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By Anonymous June 27, 2017 - 1:07pm
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Can stress bring on shingles

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Hello Anonymous,

Welcome to EmpowHER and thank you for your question.

Shingles is caused by the varicella-zoster virus — the same virus that causes chickenpox. After you've had chickenpox, the virus lies inactive in nerve tissue near your spinal cord and brain. Years later, the virus may reactivate as shingles.

Anyone who has ever had chickenpox can develop shingles. Most adults in the United States had chickenpox when they were children, before the advent of the routine childhood vaccination that now protects against chickenpox.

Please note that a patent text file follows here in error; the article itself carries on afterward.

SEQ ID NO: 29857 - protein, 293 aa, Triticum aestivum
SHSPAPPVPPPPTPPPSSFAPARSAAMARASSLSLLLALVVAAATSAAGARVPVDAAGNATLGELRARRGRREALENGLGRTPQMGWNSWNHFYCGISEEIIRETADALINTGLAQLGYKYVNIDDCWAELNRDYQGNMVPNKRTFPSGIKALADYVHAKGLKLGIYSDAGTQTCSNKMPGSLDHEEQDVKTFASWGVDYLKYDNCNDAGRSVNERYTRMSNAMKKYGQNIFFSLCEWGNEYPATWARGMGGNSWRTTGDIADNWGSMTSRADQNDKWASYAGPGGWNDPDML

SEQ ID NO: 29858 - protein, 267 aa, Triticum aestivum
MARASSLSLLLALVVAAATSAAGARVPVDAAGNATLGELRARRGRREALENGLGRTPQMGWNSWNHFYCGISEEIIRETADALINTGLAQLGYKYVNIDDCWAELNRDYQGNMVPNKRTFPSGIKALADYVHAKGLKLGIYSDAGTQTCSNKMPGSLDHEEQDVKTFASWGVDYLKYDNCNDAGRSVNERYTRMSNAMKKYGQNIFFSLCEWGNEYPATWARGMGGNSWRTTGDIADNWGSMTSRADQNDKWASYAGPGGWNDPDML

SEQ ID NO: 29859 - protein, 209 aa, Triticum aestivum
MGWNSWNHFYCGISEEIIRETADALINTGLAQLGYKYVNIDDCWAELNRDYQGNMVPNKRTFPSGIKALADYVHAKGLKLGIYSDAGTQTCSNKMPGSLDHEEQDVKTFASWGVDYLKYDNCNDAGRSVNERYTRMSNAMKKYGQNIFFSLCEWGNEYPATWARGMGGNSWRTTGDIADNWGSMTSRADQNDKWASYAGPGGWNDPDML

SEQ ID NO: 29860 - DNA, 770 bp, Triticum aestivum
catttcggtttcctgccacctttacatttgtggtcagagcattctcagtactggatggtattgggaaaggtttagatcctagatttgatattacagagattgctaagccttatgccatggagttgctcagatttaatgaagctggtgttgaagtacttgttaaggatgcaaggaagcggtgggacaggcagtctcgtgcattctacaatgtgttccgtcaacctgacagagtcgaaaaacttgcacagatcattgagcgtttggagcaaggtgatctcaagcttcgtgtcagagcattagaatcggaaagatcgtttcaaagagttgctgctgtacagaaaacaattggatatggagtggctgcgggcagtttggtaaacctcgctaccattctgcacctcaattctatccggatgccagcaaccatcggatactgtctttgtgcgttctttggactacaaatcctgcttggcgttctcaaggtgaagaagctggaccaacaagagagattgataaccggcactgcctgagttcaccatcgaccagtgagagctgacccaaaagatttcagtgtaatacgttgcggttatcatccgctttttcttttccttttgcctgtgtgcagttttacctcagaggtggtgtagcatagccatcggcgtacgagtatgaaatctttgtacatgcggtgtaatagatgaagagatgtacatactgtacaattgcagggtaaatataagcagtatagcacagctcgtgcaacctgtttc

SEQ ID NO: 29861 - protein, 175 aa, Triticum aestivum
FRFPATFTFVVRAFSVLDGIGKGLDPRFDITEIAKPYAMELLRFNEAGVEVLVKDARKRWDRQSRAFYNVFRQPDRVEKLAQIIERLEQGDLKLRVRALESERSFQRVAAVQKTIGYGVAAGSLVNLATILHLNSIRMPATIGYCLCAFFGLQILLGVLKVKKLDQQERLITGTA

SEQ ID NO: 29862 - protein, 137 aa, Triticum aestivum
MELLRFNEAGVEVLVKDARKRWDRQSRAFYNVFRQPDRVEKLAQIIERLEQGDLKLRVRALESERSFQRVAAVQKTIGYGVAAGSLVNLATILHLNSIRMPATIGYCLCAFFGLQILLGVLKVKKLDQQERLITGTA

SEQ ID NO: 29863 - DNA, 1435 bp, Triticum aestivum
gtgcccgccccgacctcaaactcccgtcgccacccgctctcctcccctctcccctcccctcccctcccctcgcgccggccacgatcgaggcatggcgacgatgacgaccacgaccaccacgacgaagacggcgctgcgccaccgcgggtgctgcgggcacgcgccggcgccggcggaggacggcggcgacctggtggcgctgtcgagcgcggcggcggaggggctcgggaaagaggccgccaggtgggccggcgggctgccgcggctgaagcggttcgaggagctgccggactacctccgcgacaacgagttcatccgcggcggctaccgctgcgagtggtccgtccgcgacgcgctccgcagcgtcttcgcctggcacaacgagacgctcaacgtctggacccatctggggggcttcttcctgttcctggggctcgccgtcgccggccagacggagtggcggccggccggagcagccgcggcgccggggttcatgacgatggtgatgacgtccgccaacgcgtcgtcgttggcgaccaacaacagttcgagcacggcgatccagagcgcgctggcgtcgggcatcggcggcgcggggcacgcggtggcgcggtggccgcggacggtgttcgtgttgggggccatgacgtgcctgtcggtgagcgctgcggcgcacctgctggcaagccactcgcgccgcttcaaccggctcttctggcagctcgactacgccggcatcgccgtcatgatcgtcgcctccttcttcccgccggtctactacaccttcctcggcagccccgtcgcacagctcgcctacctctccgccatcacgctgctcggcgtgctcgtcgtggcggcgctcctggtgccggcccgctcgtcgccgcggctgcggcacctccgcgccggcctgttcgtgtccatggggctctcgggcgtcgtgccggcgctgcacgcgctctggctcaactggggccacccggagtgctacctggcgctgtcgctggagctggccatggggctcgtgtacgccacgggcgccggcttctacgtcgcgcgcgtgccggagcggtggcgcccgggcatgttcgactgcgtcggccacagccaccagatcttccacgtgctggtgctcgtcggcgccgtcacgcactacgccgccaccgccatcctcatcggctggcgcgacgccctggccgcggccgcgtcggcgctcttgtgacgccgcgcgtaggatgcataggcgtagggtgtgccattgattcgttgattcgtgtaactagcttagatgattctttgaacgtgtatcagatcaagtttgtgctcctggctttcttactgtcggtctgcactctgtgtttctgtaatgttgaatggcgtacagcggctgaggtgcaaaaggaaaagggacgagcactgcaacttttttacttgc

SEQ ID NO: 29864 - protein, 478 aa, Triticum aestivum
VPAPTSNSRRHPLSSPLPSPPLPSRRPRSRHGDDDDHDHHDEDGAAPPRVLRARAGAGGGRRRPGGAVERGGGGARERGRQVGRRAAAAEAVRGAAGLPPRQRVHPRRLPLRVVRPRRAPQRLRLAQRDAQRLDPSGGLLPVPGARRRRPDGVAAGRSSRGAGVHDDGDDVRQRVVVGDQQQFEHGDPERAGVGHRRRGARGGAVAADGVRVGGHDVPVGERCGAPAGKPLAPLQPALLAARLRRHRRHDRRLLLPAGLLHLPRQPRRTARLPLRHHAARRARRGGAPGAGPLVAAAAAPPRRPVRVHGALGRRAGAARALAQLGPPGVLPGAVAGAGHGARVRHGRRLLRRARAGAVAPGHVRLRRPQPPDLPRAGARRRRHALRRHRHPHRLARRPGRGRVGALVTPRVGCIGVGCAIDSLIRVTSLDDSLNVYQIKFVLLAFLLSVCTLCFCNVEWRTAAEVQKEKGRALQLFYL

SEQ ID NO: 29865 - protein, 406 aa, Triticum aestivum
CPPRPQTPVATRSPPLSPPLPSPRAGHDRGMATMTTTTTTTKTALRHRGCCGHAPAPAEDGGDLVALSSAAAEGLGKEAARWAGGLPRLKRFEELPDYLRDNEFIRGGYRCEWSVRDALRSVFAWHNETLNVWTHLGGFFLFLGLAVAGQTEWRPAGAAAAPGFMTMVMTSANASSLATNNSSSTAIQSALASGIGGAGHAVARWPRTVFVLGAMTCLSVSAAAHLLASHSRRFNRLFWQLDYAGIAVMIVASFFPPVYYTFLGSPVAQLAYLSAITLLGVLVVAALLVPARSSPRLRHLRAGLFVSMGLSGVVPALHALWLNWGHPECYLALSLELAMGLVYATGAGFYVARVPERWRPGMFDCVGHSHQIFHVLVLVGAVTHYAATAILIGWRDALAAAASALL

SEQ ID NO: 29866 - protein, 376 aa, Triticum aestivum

Factors that may increase your risk of developing shingles include:

Being older than 50. Shingles is most common in people older than 50. The risk increases with age. Some experts estimate that half the people 80 and older will have shingles.
Having certain diseases. Diseases that weaken your immune system, such as HIV/AIDS and cancer, can increase your risk of shingles.
Undergoing cancer treatments. Radiation or chemotherapy can lower your resistance to diseases and may trigger shingles.
Taking certain medications. Drugs designed to prevent rejection of transplanted organs can increase your risk of shingles — as can prolonged use of steroids, such as prednisone.

Stress doesn’t technically cause shingles, but it can cause your immune system to weaken — and a weakened immune system can put you at risk for shingles.


June 27, 2017 - 2:13pm
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